Such high levels of circulating Hcy pose a threat for underlying diseased conditions across different age groups, right from little children (high homocysteine levels have been associated with autism like symptoms) to the elderly.
In pediatric populations, Hcy levels are important not only for cardiovascular disease, obesity, and renal disease, but the most interesting evidence concerns study of elevated levels of Hcy in autism spectrum disorder (ASD) and attention deficit hyperactivity disorder (ADHD) (5).
In another study, Homocystinuria was observed in newborns. Homocystinuria is a disorder of methionine metabolism, leading to an abnormal accumulation of homocysteine in blood and urine which is normally not detected in appreciable quantities in blood and urine (6). These high levels show probable vitamin b12 deficiency, MTHFR deficiency (6). The enzyme MTHFR is necessary for conversion of Homocysteine to Methionine and high circulating Homocysteine levels were observed because of apparent Folic Acid deficiency. Folic acid is needed for the functioning of MTHFR enzyme. The detection of these deficiencies early in life can help in timely course of action for treatment.
Studies of children and adolescents indicate elevated homocysteine levels are linked with elevated blood pressure levels and increased weight (7).
Moreover, high levels of Homocysteine have the ability to damage blood vessels (3) and it is because of this reason that it is considered as a potent risk factor for the development of Cardiovascular diseases.
Some studies have found Hyperhomocysteinemia to be the underlying cause behind age related macular degeneration (AMD) as a result of increased inflammation. AMD causes loss in the centre of the field of vision, thus leading to blurred vision (3). Hearing loss is another disease provoked by high blood homocysteine level and is thought to be due to direct damage to neurons (3).
In pregnancy, Hcy levels were investigated in relation to the increased risk of adverse pregnancy outcomes such as baby born smaller in size than usual, high BP during pregnancy, recurrent abortions, low birth weight, or growth restriction within the uterus (5)
Further, research also revealed a relation between Ovarian cancer and high homocysteine levels due (8). Also, in a study conducted with postmenopausal women, hyperhomocysteinemia happened to cause colorectal cancer (3).
It is documented that Homocysteine affects bone mineral density.This could result in bones becoming less rigid, increasing the chances of fracture (9). High levels of Homocysteine are known to disrupt insulin signaling, thus, causing insulin resistance (4). Research has also shown hyperhomocysteinemia to cause Alzheimer’s disease due to its ability to worsen Beta-amyloid plaque formation, which are known to lead to the onset of the disease (10).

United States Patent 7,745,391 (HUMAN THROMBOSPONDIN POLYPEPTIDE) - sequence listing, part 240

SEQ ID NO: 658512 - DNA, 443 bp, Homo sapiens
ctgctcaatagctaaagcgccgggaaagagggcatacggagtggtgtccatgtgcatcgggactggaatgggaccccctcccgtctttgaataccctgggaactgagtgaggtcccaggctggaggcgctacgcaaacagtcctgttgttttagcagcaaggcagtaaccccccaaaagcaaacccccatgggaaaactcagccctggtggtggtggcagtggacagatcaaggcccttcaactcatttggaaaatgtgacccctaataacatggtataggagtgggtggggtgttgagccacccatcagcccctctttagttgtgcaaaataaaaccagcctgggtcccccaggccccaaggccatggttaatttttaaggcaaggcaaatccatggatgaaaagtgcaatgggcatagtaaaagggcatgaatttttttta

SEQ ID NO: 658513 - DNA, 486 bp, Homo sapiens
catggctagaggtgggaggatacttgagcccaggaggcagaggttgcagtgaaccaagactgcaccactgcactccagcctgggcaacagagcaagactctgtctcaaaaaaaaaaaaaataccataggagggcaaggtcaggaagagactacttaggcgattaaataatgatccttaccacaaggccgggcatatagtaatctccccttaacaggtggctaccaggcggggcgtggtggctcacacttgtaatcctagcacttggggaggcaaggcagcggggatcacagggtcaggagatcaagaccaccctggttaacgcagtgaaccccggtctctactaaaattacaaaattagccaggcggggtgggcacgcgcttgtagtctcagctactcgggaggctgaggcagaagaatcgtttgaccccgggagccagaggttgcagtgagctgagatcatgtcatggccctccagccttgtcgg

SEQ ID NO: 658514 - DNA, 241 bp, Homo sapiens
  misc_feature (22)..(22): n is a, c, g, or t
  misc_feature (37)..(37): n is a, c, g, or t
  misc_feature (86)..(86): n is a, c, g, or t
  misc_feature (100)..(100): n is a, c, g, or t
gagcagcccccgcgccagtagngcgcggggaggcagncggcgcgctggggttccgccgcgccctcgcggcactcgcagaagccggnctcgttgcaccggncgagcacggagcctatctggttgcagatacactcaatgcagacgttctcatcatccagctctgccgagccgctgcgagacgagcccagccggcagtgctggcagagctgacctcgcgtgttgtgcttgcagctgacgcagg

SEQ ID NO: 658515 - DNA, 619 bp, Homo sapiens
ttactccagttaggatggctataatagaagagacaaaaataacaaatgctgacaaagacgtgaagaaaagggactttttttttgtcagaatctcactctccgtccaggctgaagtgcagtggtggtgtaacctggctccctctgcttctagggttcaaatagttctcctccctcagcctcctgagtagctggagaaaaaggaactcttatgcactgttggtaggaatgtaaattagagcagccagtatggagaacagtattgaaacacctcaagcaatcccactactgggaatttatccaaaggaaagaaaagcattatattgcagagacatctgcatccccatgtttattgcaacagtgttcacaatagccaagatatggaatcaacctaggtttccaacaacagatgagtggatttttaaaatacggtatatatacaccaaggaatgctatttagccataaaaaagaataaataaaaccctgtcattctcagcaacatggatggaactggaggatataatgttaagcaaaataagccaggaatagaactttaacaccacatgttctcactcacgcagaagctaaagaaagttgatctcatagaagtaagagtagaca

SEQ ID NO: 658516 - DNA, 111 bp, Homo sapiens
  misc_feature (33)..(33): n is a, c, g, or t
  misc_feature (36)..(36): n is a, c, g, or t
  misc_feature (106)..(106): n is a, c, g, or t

Finally, a focus on the principal pathologies of the elderly (cardiovascular and neurodegenerative disease, osteoporosis and physical function) are also presented due to high homocysteine levels. Elevations in blood homocysteine levels have shown to be associated with common problems seen with aging, such as cognitive impairment, dementia, depression, osteoporotic fractures, and functional decline (11).
It is said that Hcy is one of the best predictors of overall health and even the risk of death.
So you see, it’s important to keep your homocysteine levels below 6, tribe. It is an important marker of internal health and the earlier you identify the build-up, the better it is for you.
The good news is that homocysteine levels can be tested and high homocysteine levels can be normalised through ThriveFNC’s approach (because we get to the root cause of your high levels).
Get your homocysteine levels checked at the earliest and reach out to us at ThriveFNC to learn how to bring them down to normal levels.
About the Author
Ria Jain is a Nutritionist with a Master’s degree in Nutrition and Dietetics. She works as a Research Associate at Thrive Functional Nutrition Consulting. She firmly believes that a healthy outside starts from a healthy inside. She is constantly researching the subject and keeps the rest of us at Thrive updated with her latest findings in the field. Her articles on Thrive’s blog are an expression of her research findings.